Challenge someone to a mince pie showdown now.

by Adam Bishop on December 19, 2014

**To challenge a friend or colleague, visit:


Merry Christmas!


Wearable technology was the buzzword of 2013. The Google Glass project made the idea that wearables were going to be part of our daily routines seem possible. Sadly, for Google the Glass project appears to be struggling (if it’s not already dead) thanks to the fact that people won’t wear glasses that make them look silly. However, wearable technology is still very much of interest.

Wearable Technology To Date

Wearable technology has come very far in a few short years. Even a decade ago it seemed utterly far-fetched that we could mould computers to our bodies and take advantage of their processing power in our ordinary lives.

However, despite the progress in the technology… the public hasn’t really taken a shine to wearable computing just yet. Smartwatches which were the most obvious development of wearable computing have been launched by Motorola, Samsung and Apple among others but they haven’t captured the imagination. That’s because they’re all a bit ugly. We don’t think that’s going to last; the truth is that now the technology works well the aesthetic elements will follow quickly.

That means millions of new users will start using wearable technology over the coming decades. That’s in addition to the estimated 7 million or so people in the UK who already use wearable technology to some extent in their daily lives.

Wearable Technology and Insurance Premium Parity

One of the main uses of wearable technology is health monitoring. Smartphones, smartwatches and numerous other bands and gadgets can monitor your heart rate, your blood pressure, your blood sugar, just how much exercise you’ve done today and much more.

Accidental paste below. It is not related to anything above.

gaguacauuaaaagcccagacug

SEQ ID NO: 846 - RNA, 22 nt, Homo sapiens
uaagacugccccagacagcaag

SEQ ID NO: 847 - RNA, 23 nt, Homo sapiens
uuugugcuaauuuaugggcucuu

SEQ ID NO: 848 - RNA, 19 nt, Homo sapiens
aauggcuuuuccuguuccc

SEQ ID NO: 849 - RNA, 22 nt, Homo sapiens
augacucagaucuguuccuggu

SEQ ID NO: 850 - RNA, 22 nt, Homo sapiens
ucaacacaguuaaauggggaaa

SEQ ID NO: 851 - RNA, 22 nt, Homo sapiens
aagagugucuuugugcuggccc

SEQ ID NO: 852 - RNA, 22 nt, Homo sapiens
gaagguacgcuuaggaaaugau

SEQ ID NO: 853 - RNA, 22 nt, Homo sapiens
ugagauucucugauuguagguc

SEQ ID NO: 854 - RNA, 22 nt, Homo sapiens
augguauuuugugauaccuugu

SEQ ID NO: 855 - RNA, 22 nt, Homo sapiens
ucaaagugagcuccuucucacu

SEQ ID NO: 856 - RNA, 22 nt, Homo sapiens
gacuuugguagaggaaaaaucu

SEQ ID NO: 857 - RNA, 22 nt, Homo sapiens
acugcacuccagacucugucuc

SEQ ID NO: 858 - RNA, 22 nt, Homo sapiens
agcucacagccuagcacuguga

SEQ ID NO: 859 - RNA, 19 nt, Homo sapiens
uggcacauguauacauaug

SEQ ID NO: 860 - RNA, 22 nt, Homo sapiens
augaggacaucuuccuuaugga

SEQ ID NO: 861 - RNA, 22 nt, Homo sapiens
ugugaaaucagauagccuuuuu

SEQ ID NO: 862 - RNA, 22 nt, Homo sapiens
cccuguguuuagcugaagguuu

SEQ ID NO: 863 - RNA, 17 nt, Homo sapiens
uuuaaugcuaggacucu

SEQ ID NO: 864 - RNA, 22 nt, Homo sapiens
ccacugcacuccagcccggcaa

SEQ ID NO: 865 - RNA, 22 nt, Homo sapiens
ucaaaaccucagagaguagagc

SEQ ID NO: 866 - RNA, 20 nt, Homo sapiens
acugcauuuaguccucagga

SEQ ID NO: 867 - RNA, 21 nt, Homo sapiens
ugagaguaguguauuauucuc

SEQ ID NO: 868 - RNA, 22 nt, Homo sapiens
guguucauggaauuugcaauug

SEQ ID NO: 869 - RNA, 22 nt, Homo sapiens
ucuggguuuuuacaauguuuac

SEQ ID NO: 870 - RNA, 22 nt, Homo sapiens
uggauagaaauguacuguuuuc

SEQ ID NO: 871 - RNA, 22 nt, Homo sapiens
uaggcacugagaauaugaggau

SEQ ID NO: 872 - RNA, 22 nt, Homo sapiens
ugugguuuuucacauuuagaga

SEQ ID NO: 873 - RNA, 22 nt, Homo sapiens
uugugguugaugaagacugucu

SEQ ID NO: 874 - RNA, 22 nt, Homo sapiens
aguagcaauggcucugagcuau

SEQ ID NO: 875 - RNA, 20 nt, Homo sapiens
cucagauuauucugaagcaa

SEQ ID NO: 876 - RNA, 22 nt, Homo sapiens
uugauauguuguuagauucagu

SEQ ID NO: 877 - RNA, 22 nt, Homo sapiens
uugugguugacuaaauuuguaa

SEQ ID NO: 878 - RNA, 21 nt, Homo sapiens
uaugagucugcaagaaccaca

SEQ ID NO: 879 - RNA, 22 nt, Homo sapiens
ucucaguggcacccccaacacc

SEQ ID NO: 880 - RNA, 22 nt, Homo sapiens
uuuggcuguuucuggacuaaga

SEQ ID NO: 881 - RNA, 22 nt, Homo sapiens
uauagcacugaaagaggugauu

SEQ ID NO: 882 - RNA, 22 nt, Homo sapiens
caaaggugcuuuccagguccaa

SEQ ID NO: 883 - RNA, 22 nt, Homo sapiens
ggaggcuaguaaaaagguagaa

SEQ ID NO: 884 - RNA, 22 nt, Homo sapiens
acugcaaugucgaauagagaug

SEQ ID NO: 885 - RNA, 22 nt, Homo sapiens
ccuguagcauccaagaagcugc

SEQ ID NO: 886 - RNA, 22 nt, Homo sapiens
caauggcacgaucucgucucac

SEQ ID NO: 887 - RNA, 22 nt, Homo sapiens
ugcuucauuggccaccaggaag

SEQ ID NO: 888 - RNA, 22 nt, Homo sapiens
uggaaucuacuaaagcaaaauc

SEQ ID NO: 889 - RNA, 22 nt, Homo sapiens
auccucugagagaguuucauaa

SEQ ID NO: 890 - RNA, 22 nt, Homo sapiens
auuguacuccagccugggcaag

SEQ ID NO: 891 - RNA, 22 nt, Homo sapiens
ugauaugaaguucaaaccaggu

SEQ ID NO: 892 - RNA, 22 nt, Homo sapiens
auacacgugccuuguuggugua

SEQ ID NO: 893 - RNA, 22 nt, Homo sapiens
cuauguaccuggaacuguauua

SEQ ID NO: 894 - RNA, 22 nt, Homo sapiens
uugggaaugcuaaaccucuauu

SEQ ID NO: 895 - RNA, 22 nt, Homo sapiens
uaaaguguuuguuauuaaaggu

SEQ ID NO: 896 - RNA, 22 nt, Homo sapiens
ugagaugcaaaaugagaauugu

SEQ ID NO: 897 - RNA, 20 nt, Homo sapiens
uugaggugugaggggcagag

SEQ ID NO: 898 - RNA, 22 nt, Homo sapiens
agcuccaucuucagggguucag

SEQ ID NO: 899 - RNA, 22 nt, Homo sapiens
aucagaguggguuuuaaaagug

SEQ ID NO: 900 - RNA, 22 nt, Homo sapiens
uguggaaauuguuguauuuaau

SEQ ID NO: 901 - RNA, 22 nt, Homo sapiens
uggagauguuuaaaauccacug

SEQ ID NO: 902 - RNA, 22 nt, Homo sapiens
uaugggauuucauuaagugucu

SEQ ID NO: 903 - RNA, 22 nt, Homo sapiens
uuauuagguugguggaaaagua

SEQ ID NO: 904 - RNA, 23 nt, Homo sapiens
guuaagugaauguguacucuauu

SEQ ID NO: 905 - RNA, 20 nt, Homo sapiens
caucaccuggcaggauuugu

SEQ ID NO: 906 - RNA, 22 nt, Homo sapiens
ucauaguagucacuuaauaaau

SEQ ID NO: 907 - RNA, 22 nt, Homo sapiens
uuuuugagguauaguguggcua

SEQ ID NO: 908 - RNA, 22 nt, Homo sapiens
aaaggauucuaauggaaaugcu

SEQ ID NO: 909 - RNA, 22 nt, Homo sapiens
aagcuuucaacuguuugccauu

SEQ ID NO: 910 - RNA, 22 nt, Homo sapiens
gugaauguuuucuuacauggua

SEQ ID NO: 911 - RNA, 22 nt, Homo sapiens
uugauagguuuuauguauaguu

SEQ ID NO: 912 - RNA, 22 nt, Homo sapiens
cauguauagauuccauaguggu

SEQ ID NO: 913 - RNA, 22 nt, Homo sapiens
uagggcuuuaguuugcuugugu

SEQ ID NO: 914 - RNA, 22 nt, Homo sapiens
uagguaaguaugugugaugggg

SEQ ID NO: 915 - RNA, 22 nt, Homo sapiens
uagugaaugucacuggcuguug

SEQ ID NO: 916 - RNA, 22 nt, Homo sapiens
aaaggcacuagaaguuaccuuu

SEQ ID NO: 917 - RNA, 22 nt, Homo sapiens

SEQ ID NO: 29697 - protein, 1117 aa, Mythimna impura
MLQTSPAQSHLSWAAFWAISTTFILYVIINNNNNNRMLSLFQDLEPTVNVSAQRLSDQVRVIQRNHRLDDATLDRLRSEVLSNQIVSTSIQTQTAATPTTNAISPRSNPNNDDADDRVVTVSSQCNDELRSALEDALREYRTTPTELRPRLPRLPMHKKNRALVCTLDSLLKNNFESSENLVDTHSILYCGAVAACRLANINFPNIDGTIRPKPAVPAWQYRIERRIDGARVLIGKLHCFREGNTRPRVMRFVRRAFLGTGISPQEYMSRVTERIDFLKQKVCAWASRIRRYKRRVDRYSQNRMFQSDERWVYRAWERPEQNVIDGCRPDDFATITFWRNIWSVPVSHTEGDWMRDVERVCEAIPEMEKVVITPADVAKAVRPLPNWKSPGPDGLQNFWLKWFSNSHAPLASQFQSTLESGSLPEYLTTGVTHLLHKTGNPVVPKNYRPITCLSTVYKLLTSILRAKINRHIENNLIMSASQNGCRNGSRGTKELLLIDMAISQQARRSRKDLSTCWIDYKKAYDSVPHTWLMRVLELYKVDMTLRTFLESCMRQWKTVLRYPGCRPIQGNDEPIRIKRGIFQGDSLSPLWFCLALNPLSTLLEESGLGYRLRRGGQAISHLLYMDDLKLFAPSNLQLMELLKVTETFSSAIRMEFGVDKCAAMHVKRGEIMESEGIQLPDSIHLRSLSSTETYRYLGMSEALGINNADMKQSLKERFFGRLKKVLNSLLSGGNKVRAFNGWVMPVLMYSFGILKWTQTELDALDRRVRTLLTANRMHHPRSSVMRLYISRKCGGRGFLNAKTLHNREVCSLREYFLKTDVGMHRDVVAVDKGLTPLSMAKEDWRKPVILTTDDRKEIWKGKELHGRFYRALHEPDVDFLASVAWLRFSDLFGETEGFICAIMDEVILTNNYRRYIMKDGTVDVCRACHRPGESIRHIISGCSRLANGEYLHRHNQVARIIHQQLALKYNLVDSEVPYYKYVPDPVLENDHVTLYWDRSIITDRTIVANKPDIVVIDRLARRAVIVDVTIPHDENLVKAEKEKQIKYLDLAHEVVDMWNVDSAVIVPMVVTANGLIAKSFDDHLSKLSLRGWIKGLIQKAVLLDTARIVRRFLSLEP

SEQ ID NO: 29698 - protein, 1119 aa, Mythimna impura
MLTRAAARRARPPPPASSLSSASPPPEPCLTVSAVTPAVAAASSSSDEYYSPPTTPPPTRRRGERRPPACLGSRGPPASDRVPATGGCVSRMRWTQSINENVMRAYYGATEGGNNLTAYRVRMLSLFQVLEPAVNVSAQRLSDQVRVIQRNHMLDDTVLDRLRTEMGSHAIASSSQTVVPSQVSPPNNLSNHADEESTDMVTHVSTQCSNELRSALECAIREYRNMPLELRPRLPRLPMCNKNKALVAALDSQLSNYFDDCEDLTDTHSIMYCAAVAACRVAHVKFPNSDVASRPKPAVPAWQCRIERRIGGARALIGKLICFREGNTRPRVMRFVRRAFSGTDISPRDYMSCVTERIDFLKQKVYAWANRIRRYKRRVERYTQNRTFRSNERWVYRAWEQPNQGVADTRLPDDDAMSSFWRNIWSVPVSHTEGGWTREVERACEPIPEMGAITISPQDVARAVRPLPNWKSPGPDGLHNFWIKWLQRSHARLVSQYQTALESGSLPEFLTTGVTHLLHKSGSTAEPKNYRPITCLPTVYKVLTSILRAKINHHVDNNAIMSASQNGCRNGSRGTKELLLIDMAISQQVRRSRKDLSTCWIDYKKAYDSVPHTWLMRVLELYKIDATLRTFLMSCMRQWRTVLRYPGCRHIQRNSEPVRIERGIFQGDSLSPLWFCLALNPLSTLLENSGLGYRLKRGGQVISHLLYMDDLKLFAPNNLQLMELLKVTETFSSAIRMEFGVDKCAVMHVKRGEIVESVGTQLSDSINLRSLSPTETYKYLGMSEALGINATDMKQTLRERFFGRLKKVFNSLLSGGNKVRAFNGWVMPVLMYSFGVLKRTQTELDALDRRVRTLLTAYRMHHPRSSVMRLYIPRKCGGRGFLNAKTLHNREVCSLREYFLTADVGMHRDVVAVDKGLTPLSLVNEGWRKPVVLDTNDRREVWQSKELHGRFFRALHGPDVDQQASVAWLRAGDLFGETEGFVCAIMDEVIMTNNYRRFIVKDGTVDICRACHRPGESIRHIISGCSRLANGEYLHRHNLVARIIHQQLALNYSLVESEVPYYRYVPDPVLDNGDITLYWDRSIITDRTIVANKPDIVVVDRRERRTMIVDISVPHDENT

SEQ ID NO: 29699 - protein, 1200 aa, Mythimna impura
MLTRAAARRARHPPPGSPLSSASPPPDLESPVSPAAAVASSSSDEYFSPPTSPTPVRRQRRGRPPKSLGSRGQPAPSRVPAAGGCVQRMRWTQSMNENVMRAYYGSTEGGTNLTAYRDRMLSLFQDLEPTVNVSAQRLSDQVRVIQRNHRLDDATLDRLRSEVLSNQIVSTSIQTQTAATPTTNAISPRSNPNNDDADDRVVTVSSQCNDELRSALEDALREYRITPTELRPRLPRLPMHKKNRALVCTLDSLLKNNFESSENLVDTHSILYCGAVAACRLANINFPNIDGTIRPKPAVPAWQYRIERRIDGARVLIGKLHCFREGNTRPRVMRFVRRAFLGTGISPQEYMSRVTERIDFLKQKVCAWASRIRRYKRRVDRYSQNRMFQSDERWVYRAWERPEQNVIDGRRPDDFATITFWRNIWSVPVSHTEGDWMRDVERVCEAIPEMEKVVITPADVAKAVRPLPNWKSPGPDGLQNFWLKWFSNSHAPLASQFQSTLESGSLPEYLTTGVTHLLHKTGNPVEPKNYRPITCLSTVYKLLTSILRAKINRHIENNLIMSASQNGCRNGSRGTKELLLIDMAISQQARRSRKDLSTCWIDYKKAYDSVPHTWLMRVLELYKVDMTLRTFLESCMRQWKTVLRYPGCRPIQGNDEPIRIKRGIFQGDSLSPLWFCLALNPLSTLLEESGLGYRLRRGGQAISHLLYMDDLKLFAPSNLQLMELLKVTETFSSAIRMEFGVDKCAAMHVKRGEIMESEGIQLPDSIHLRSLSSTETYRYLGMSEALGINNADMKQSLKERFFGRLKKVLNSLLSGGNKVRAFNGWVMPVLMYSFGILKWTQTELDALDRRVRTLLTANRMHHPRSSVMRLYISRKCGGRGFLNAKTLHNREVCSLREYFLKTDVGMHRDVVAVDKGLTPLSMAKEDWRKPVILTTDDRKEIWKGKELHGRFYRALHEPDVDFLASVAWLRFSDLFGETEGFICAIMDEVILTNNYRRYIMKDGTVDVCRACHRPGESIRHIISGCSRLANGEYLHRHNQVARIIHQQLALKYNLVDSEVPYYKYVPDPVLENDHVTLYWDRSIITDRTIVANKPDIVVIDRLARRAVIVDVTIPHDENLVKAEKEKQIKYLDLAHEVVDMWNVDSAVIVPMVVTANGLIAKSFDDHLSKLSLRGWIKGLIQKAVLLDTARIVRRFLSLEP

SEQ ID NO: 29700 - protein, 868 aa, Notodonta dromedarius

This is data that may make health insurance a much fairer proposition in the future. Today, your health insurance quote is most likely to be inspired by general data gleaned on an average of people like you who inhabit the same postcode as you do. The trouble with this is it’s a one-size fits all policy; the vegan, exercise fanatic who has never smoked is going to be taking on some of the risk for their neighbour’s 60 a day, pie eating, couch surfing habits. That’s not very fair.

Insurers know this and it’s to their advantage to enable low risk insured parties to take up services at a lower premium. That’s why we’d expect to see a lot of partnerships in the future between health insurers and wearables manufacturers.

The more health data that they can collect; the fairer private health premiums will be. That’s because they will more accurately represent the risk that the insured party represents. So it might be time to give up smoking, start that diet and start exercising if you want to keep your health insurance premiums to a minimum.

Insurance and Wearable Tech


What’s the difference between an Estimated Maximum Loss and a Probable Maximum Loss?

by Jed GigerDecember 5, 2014

In some cases these two terms are used interchangeably. They are both designed to give an actuarial measure of the risk that an insurer faces on a policy. They are both commonly used with respect to real estate insurance and in particular to fire risks. Yet they are slightly different and you need to use […]